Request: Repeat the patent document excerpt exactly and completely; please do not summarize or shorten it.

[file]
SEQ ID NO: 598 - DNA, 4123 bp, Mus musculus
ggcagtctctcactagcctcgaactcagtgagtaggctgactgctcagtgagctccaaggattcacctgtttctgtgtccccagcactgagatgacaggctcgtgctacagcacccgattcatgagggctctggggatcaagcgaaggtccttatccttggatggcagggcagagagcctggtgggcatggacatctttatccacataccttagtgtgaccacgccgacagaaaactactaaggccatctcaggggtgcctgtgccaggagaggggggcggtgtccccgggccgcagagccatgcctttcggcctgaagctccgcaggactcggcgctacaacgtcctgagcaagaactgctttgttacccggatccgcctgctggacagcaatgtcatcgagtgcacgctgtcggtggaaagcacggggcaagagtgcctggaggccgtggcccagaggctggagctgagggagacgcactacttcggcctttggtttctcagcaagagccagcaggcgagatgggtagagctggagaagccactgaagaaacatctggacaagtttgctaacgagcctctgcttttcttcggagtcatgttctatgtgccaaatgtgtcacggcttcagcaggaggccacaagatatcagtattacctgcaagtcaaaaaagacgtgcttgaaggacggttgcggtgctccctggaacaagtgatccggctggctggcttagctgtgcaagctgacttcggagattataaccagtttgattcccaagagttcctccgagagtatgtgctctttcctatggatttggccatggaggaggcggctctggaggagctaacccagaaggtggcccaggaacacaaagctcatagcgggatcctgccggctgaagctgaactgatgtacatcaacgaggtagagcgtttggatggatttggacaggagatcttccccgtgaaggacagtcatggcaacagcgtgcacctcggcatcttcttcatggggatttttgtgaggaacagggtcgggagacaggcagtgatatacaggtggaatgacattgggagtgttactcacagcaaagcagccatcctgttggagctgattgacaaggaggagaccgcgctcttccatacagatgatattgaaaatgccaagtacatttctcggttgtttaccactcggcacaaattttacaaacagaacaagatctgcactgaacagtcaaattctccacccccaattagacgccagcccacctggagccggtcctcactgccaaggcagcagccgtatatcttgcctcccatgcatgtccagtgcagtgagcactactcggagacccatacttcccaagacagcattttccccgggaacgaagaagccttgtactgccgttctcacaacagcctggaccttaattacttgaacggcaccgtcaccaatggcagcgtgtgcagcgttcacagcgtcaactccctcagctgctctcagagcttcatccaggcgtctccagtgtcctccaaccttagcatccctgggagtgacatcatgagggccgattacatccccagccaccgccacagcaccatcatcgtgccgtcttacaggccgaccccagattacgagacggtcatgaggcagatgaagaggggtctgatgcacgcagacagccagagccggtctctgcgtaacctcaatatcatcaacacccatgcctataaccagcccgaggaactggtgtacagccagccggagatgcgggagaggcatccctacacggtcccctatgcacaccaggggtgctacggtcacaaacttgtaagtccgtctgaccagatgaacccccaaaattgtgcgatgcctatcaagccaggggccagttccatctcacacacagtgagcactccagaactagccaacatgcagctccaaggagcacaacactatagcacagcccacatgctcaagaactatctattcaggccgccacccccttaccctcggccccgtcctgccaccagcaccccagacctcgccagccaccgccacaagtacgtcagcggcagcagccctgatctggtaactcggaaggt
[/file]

SEQ ID NO: 598 - DNA, 4123 bp, Mus musculus
ggcagtctctcactagcctcgaactcagtgagtaggctgactgctcagtgagctccaaggattcacctgtttctgtgtccccagcactgagatgacaggctcgtgctacagcacccgattcatgagggctctggggatcaagcgaaggtccttatccttggatggcagggcagagagcctggtgggcatggacatctttatccacataccttagtgtgaccacgccgacagaaaactactaaggccatctcaggggtgcctgtgccaggagaggggggcggtgtccccgggccgcagagccatgcctttcggcctgaagctccgcaggactcggcgctacaacgtcctgagcaagaactgctttgttacccggatccgcctgctggacagcaatgtcatcgagtgcacgctgtcggtggaaagcacggggcaagagtgcctggaggccgtggcccagaggctggagctgagggagacgcactacttcggcctttggtttctcagcaagagccagcaggcgagatgggtagagctggagaagccactgaagaaacatctggacaagtttgctaacgagcctctgcttttcttcggagtcatgttctatgtgccaaatgtgtcacggcttcagcaggaggccacaagatatcagtattacctgcaagtcaaaaaagacgtgcttgaaggacggttgcggtgctccctggaacaagtgatccggctggctggcttagctgtgcaagctgacttcggagattataaccagtttgattcccaagagttcctccgagagtatgtgctctttcctatggatttggccatggaggaggcggctctggaggagctaacccagaaggtggcccaggaacacaaagctcatagcgggatcctgccggctgaagctgaactgatgtacatcaacgaggtagagcgtttggatggatttggacaggagatcttccccgtgaaggacagtcatggcaacagcgtgcacctcggcatcttcttcatggggatttttgtgaggaacagggtcgggagacaggcagtgatatacaggtggaatgacattgggagtgttactcacagcaaagcagccatcctgttggagctgattgacaaggaggagaccgcgctcttccatacagatgatattgaaaatgccaagtacatttctcggttgtttaccactcggcacaaattttacaaacagaacaagatctgcactgaacagtcaaattctccacccccaattagacgccagcccacctggagccggtcctcactgccaaggcagcagccgtatatcttgcctcccatgcatgtccagtgcagtgagcactactcggagacccatacttcccaagacagcattttccccgggaacgaagaagccttgtactgccgttctcacaacagcctggaccttaattacttgaacggcaccgtcaccaatggcagcgtgtgcagcgttcacagcgtcaactccctcagctgctctcagagcttcatccaggcgtctccagtgtcctccaaccttagcatccctgggagtgacatcatgagggccgattacatccccagccaccgccacagcaccatcatcgtgccgtcttacaggccgaccccagattacgagacggtcatgaggcagatgaagaggggtctgatgcacgcagacagccagagccggtctctgcgtaacctcaatatcatcaacacccatgcctataaccagcccgaggaactggtgtacagccagccggagatgcgggagaggcatccctacacggtcccctatgcacaccaggggtgctacggtcacaaacttgtaagtccgtctgaccagatgaacccccaaaattgtgcgatgcctatcaagccaggggccagttccatctcacacacagtgagcactccagaactagccaacatgcagctccaaggagcacaacactatagcacagcccacatgctcaagaactatctattcaggccgccacccccttaccctcggccccgtcctgccaccagcaccccagacctcgccagccaccgccacaagtacgtcagcggcagcagccctgatctggtaactcggaaggt